A father in Maine who’d been barred from events at his daughters’ school for speaking against sexually explicit reading material has won the right to show up.
The U.S. District Court for Maine decided in favor of Shawn McBreairty, who argued that his ban by Regional School Unit 22 had violated his constitutional rights, reports Fox News.
The district claimed it had banned McBreairty from school functions because of his “blatant and repeated failure” to comply with the board’s “reasonable policies regarding meeting attendance.” It also described an audio recording he had played at a meeting as containing “obscene language.”
But Judge Nancy Torresen wrote in her ruling that “it is hard to shake the sense that the School Board is restricting the speech because the Board disagrees with both Mr. McBreairty’s opinions and the unpleasantness that accompanies them.” Moreover, McBreairty’s reference to “hardcore anal sex” in a book in the school library wasn’t obscene under the law because it had not appealed to any prurient interest, and was “offered to make a political or philosophical point,” Torresen wrote.
Among the books McBreairty raised concerns about were “The Other Boy,” about a 12-year-old boy who attempts to keep his family from knowing he is transgender, and “All Boys Aren’t Blue,” a title that has been removed from libraries in a number of states because of what has been called “sexually graphic material.”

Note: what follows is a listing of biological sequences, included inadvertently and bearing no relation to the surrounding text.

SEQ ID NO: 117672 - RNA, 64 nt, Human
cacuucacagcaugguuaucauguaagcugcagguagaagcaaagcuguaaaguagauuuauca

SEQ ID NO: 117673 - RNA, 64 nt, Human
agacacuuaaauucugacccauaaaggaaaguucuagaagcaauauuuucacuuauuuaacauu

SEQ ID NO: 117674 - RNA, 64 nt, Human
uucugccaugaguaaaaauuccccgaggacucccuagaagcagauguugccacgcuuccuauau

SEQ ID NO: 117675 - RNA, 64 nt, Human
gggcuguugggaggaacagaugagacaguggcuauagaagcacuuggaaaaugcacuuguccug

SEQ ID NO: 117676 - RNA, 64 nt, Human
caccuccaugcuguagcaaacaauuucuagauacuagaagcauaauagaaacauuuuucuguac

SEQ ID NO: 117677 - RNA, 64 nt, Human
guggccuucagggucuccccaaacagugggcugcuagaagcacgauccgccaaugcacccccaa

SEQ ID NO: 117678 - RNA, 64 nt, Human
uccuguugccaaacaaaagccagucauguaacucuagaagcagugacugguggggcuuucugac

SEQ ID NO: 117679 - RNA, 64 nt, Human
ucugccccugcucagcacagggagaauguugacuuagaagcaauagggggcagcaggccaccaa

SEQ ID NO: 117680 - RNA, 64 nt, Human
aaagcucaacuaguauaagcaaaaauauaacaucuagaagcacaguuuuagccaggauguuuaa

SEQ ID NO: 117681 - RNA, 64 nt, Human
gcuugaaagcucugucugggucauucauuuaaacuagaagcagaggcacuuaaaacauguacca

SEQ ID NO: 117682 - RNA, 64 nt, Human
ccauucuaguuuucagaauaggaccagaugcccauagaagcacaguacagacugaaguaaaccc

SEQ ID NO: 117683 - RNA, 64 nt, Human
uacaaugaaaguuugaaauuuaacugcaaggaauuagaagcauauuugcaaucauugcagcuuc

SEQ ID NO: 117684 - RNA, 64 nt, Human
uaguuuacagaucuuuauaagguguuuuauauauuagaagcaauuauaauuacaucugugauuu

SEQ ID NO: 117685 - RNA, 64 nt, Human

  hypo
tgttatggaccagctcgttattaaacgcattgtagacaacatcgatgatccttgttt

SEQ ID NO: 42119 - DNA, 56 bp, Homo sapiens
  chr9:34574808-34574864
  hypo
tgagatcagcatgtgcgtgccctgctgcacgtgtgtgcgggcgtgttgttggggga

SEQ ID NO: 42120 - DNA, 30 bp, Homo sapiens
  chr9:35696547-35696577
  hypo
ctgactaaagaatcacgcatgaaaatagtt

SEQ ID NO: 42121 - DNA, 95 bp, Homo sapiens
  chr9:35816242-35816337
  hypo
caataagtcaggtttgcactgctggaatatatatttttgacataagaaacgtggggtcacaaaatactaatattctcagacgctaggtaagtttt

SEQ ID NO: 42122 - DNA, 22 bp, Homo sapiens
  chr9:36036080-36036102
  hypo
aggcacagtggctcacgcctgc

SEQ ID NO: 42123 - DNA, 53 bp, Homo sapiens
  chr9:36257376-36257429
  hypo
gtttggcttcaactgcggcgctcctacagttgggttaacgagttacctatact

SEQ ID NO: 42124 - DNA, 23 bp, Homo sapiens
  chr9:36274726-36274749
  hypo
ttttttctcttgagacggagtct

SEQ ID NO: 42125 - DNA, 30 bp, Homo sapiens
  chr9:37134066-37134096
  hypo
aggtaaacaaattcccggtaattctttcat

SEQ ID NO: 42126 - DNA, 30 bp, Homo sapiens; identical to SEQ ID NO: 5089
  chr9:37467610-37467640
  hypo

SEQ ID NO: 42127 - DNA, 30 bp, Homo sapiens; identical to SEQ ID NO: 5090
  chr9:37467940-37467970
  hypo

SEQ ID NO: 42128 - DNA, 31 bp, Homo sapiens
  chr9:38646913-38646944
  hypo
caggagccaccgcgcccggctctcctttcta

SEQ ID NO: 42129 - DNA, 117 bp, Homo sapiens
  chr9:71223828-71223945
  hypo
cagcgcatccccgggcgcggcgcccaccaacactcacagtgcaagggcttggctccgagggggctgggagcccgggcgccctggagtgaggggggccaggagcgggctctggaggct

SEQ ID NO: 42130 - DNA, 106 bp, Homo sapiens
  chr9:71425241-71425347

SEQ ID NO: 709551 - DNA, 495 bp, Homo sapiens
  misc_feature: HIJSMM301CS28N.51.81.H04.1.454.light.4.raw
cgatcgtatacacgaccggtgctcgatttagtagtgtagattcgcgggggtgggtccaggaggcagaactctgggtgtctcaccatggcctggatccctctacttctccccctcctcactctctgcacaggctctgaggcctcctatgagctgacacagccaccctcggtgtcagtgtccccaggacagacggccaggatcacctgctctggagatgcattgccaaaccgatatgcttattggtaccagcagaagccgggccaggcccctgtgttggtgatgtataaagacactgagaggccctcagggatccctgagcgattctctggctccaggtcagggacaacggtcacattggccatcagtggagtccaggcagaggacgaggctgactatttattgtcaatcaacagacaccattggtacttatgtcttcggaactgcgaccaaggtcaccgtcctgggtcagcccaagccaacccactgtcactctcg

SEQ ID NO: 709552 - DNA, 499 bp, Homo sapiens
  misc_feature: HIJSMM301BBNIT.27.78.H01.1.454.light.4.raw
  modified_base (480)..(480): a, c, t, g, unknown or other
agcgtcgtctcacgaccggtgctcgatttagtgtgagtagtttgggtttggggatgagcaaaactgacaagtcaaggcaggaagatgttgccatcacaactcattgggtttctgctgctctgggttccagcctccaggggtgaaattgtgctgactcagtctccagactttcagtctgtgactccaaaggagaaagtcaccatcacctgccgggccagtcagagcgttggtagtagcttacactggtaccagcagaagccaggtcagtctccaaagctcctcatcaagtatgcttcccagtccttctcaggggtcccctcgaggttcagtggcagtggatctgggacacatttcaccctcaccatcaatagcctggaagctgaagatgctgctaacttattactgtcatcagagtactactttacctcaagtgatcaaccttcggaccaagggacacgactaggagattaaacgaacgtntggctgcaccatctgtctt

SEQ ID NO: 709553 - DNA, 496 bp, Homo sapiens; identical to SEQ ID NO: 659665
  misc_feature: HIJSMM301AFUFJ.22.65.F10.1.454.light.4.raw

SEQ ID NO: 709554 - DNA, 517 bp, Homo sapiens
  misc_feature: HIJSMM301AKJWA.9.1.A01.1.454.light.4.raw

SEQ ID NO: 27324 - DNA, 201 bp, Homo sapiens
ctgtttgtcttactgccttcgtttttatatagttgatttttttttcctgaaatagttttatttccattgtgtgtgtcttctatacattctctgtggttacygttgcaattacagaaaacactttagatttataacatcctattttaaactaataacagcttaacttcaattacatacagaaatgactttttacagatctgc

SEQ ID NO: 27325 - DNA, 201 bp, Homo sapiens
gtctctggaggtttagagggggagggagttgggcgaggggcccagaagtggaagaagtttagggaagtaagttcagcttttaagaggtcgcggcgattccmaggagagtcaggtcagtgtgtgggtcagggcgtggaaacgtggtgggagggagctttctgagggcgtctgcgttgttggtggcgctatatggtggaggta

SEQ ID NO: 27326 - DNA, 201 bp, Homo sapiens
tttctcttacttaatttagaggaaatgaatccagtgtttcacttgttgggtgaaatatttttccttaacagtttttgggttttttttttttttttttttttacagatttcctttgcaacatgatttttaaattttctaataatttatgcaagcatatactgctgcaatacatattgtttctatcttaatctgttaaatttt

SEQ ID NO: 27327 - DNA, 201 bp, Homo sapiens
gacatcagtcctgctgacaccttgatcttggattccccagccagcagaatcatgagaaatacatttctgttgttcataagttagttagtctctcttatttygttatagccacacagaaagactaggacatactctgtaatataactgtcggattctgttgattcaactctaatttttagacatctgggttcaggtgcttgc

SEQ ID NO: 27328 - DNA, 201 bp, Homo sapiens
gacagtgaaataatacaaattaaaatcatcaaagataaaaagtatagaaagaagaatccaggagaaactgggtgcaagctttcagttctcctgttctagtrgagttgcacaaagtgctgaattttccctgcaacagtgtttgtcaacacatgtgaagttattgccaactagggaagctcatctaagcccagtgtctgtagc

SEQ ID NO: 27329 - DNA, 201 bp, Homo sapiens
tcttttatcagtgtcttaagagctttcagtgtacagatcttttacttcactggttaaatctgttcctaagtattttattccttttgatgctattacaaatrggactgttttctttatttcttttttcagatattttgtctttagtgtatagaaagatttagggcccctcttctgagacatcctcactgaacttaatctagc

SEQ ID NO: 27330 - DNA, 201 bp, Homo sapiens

The court’s issuance of a restraining order in the father’s favor, overturning the ban, was “a huge first step for parents in Maine and across the country to be able to use their protected free speech to address the educational issues we are seeing in these public schools,” McBreairty told Fox News Digital.
“It’s a win for everyone, regardless of political affiliation, sex, race, or sexuality, as the First Amendment speaks for all Americans.”
The ruling was applauded by McBreairty’s attorney, Marc Randazza.
“Government apparatchiks can’t banish people from public life because they don’t like being challenged,” Randazza said in a statement. “Serving in the government means you have to accept criticism. If you can’t do that, you have no business in that position.
“I’m very impressed with how much work the judge put into her ruling, upholding the First Amendment rights of someone with whom I presume she does not personally agree. But that’s what a principled judge does.”
McBreairty told Fox Digital the school board’s attempt to keep him away had “created even more fear of cancel culture in the region. Who would speak up if they are going to be criminalized?”
A volunteer with the conservative Maine First Project, McBreairty also has previously maintained that Critical Race Theory, asserting that systemic racism continues in the U.S., is being taught in local schools.
Speaking on Fox’s The Faulkner Focus last year – after criticizing a school “equity letter” to the community that he said “basically called us all white supremacists” – McBreairty, “The woke mob, the trolls, they go after everybody. I got pushed, and I pushed back pretty hard.”
According to Fox News, McBreairty is the subject of a pending lawsuit from the neighboring Hermon School Department for allegedly bullying a teacher and making false statements.